Eventually, who knows when, it goes to the Supremes and I’m not sure even Scalia will want to go down in history as the new Justice Taney.

  17. An Interested Party says:

    We don’t have anything against anyone.

    Oh really?

    Our county approved the Marriage bill by about 90%.

  18. An Interested Party says:

    Eventually, who knows when, it goes to the Supremes and I’m not sure even Scalia will want to go down in history as the new Justice Taney.

    Hmm, I hope you’re right, but I’m not so sure about that, considering the lovely things he wrote in his dissent of Lawrence v. Texas

  19. G.A. says:

    as Republicans, who can’t keep themselves out of other people’s
    bedrooms

    lol,sigh….Who makes what they do in their bedroom among many, many other places the defining issue of their lives and the be all and end all of what makes up their being?

    Actually, I thought the Greeks and Romans were a far sight more fair-minded (at least about this particular issue) than most any modern Republican…

    Ya that worked out well for them…. does any one this site ever study history?

    Who loses? People who desperately want to go back to 1950.

    Try 500BC

    lol..and some people want to take us back to right before the flood or right after?

    An remember you ignorant militants, I favor getting marriage out of the government’s control and leaving in to the church of your persuasion and setting up civil unions for everyone as for the benefits and sick and death rights aspects.

  20. Hey Norm says:

    “…Who makes what they do in their bedroom among many, many other places the defining issue of their lives and the be all and end all of what makes up their being?”

    Spoken like a straight white male that has never suffered one iota of discrimination in his life and has no concept of what it might be like to be treated as a second class citizen…only what it is like to eagerly treat others as second class citizens.
    Sexual identity is important. But it is because of the the many, many Republicans who choose to make it their be all and end all to stick their noses in other peoples bedrooms that this is an issue at all. Luckily, the world is changing. Clearly Republicans are unable to deal with this change, along with many other changes. Thus the hate and bitterness that you and others wear on your sleeves as if it were a badge of courage rather than cowardice.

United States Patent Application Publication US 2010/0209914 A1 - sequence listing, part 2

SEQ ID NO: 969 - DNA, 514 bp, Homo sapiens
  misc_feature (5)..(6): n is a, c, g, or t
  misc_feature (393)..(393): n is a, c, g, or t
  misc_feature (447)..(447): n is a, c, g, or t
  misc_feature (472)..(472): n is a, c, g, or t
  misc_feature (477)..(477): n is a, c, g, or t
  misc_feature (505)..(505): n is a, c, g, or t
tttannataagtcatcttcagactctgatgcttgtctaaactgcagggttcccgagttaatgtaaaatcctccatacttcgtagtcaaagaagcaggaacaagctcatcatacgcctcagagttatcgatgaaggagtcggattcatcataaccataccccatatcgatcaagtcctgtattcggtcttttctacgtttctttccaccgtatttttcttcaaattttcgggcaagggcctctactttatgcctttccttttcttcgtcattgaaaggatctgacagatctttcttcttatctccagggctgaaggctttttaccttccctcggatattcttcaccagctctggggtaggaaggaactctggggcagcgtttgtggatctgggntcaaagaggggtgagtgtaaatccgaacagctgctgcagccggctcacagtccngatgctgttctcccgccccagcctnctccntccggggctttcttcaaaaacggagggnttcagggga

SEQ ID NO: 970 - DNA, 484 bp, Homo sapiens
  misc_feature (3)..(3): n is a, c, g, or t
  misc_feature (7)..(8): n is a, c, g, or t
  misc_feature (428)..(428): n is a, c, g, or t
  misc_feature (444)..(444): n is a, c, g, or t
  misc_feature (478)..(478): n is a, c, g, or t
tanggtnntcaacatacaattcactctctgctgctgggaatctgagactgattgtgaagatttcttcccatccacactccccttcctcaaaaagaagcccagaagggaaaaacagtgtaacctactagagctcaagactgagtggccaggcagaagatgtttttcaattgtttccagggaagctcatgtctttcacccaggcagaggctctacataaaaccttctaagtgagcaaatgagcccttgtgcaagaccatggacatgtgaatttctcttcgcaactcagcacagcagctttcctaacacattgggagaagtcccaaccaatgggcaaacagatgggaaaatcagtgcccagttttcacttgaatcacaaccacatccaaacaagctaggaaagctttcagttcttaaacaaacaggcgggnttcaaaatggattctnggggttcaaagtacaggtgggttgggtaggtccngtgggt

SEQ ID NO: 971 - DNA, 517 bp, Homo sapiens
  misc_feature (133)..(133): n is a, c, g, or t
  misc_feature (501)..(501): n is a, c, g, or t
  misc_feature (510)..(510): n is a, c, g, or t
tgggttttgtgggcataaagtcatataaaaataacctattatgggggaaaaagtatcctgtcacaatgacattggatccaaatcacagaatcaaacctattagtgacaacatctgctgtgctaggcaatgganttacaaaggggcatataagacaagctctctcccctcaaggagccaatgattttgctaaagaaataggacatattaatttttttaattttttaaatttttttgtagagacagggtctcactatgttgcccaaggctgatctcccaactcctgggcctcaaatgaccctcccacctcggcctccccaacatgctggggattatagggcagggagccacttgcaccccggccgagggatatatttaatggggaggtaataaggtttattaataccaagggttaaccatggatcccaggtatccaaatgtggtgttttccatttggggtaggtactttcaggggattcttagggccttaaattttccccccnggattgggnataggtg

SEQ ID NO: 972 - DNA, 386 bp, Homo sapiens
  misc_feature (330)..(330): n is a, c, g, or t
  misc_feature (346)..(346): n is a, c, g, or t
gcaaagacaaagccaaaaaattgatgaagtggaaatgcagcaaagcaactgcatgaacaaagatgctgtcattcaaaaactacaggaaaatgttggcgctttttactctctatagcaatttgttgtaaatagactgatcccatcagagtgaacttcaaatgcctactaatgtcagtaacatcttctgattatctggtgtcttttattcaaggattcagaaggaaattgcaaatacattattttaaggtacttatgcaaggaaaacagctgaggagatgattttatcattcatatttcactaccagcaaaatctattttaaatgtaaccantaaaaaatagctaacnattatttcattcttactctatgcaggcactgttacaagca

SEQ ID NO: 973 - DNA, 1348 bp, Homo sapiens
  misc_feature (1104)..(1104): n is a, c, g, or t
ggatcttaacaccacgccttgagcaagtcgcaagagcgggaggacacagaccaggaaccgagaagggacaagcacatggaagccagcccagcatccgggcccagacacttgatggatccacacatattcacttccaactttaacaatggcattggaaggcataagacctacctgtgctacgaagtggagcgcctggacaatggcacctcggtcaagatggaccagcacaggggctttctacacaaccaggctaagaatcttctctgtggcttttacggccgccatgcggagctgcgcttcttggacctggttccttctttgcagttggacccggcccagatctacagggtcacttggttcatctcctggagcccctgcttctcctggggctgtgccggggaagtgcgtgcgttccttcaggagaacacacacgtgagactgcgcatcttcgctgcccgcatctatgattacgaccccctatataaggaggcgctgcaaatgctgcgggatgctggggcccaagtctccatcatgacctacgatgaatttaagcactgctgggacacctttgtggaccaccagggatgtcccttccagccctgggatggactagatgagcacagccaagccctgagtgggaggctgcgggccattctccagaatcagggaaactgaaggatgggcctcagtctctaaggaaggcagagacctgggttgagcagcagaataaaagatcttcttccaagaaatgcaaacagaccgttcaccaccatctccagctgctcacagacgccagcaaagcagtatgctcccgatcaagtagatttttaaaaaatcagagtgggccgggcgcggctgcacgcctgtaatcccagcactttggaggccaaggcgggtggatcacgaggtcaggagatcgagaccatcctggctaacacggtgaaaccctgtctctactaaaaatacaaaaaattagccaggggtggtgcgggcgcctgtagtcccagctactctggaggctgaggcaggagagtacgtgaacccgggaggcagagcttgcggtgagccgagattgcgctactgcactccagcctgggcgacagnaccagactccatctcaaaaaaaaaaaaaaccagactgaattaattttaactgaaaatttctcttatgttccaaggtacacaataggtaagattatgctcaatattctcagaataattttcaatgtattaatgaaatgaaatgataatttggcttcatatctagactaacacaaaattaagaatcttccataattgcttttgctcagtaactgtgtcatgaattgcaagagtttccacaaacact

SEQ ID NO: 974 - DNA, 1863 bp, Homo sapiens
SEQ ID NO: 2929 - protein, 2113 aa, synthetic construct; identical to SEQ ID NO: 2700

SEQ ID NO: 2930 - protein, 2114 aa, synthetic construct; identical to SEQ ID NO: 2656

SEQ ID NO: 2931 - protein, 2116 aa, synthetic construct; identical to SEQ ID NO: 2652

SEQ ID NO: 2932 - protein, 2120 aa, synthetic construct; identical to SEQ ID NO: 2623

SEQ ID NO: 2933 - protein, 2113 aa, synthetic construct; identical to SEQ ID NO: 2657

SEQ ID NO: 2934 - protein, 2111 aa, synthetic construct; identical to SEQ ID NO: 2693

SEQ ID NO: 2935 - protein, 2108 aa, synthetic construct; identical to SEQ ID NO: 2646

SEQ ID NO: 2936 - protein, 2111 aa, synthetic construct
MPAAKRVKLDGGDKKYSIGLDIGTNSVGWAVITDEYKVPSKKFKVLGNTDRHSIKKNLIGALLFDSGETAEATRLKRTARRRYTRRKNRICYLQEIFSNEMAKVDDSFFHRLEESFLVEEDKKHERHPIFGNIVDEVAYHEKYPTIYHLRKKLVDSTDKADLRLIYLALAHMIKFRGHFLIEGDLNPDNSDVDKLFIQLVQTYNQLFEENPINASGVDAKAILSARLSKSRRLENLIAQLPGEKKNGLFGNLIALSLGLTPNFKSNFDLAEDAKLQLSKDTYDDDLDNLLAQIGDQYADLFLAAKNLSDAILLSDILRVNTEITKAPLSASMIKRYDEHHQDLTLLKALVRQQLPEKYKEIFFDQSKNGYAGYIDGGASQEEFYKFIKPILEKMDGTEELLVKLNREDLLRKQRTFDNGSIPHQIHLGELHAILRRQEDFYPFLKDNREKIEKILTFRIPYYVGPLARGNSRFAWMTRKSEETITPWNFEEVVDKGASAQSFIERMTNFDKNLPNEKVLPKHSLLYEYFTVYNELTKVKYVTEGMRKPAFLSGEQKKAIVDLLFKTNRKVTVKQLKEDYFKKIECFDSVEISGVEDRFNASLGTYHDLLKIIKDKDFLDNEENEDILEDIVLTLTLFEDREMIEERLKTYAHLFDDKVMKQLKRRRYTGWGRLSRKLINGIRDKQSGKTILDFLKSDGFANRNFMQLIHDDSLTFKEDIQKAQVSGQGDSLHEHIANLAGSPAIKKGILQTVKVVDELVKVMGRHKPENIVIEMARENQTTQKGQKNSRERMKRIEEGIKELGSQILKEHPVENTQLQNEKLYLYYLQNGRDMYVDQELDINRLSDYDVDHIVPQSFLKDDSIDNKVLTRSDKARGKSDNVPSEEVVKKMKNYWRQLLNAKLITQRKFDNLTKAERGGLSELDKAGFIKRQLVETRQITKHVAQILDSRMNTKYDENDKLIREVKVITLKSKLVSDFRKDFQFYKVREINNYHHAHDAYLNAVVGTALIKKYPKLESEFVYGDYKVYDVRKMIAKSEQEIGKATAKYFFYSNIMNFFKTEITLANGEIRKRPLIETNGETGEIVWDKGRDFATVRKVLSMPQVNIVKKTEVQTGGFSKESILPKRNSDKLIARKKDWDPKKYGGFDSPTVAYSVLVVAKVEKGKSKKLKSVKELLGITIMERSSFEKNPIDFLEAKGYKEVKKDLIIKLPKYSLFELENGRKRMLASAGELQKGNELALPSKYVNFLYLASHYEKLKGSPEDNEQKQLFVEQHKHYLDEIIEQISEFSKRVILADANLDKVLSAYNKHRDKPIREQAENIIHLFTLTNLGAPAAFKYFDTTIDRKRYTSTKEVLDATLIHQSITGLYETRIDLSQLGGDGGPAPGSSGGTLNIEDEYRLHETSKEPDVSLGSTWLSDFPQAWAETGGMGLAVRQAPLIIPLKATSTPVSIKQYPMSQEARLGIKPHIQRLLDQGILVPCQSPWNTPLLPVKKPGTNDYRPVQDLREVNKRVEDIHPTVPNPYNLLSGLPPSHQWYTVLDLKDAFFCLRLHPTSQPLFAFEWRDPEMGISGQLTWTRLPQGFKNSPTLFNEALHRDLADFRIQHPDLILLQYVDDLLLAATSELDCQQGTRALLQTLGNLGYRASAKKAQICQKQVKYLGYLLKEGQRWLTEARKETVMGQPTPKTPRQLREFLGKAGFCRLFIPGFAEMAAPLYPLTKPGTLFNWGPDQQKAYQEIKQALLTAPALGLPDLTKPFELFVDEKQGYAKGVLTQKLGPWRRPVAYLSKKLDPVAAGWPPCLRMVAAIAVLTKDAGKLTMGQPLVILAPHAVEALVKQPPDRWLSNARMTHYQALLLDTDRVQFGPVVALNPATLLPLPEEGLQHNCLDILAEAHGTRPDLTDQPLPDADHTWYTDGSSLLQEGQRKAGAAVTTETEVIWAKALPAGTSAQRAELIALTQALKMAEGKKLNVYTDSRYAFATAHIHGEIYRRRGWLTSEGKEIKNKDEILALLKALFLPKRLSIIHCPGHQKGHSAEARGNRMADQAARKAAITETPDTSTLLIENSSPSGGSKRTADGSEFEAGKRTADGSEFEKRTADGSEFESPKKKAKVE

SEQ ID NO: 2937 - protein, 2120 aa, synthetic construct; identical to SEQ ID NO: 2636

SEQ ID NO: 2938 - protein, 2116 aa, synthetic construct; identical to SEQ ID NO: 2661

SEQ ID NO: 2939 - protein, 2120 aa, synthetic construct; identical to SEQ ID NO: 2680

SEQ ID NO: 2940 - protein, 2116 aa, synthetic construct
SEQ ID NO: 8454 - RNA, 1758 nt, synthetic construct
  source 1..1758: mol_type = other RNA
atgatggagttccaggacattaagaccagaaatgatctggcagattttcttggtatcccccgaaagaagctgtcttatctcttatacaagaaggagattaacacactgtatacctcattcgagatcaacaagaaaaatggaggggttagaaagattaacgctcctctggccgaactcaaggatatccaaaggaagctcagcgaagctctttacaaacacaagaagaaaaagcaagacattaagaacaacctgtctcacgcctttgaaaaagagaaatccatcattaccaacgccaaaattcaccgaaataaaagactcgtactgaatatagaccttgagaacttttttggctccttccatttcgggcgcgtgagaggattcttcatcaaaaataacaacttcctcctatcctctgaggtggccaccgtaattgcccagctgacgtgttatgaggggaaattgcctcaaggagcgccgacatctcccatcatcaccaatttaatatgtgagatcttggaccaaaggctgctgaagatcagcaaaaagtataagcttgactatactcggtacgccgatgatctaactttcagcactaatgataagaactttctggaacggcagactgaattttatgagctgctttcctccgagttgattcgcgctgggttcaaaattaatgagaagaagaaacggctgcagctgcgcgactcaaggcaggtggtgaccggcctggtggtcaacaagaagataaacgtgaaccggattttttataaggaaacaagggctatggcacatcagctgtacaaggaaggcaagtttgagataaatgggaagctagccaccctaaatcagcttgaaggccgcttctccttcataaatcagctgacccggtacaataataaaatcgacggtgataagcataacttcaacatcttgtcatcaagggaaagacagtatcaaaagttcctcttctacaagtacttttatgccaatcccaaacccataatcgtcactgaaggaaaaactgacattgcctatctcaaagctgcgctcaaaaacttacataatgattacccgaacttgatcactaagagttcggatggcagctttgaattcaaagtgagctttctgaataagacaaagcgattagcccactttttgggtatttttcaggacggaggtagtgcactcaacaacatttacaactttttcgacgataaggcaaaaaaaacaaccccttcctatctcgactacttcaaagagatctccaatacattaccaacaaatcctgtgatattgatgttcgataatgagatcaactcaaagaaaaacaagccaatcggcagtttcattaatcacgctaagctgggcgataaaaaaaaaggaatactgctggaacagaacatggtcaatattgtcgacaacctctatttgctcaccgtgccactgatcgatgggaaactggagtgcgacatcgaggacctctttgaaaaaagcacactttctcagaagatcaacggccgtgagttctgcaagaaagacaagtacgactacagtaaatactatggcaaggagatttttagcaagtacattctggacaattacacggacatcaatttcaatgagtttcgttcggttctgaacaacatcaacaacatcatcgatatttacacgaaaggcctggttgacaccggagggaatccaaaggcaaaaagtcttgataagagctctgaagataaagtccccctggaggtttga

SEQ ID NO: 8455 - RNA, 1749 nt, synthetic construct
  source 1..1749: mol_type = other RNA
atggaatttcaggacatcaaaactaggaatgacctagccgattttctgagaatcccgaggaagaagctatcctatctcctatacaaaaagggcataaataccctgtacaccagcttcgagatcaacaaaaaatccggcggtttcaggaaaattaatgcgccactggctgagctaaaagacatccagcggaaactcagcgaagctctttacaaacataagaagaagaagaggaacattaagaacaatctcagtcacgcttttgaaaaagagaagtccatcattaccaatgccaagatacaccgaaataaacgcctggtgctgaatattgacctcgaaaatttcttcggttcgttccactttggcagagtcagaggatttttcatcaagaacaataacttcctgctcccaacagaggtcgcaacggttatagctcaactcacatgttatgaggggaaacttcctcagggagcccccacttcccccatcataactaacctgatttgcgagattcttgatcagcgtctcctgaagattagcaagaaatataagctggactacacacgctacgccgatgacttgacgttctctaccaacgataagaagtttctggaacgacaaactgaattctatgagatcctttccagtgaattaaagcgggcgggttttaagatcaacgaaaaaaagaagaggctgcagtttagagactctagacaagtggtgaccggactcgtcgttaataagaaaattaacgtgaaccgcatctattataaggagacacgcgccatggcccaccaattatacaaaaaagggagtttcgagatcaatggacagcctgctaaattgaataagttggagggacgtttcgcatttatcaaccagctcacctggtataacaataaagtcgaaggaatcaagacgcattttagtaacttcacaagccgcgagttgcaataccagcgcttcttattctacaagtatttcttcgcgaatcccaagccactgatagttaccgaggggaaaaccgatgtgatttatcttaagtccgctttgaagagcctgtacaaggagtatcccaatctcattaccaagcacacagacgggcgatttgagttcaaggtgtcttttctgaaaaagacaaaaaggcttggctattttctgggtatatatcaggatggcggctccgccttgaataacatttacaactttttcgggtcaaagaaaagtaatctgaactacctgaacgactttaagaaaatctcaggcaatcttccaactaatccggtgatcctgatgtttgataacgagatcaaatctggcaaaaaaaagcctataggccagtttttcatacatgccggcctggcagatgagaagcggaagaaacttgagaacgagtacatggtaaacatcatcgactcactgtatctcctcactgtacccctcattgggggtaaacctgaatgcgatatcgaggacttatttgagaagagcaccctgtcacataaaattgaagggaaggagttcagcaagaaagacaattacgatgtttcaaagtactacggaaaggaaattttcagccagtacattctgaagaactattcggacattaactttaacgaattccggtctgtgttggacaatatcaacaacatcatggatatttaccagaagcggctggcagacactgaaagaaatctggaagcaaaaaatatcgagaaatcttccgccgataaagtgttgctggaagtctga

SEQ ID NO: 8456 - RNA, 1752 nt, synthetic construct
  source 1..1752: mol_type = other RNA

21. Hey Norm says:

    Politico is up with a memo from a Republican pollster who is telling Republicans to change their tunes. Interesting that it’s not really about freedom and liberty or right and wrong for them…but winning elections.
    http://www.politico.com/blogs/burns-haberman/2012/05/bush-pollster-change-in-attitudes-on-gay-marriage-123235.html

  22. Carson says:

    The Democrats lose: NC, Virginia, Florida. Maybe a few more.

  23. James in LA says:

    Previously when gays and lesbians came out, it was a singular exercise, and the spotlight fell mostly on them. In 2012, when conservatives insult (perfect strangers) gay and lesbian people, they are also insulting family members, dear friends, and supportive employers, all who long ago accepted these folks for who they are. The rhetoric has become bullying, and it’s a huge turn-off, even if you are ambivalent about gay rights.

    One of many turn-offs from which the past-it GOP suffers.

  24. James in LA says:

    @Carson: It’s only May. Gives the voters in NC who supported Obama and won the state for him to contrast their archaic new law with Obama’s views.

    You can give up on VA. Governor Probe saw to that, and this issue won’t overtake it.

    As for FL, it still has a corrupt governor, a truth-challenged “Hispanic” Senator, and the Ryan Plan which is so beloved by seniors. Gay marriage isn’t going to change any of that.

    In 2012, LFBT folks are surrounded by supportive family, friends, and employers, and this bastion is growing, not shrinking. Insult at your peril.

  25. anjin-san says:

    @ GA

    Ya that worked out well for them…. does any one this site ever study history?

    Since you are apparently a historian, perhaps you could explain how gays caused the fall of classical Greek & Roman civilization.

  26. James says: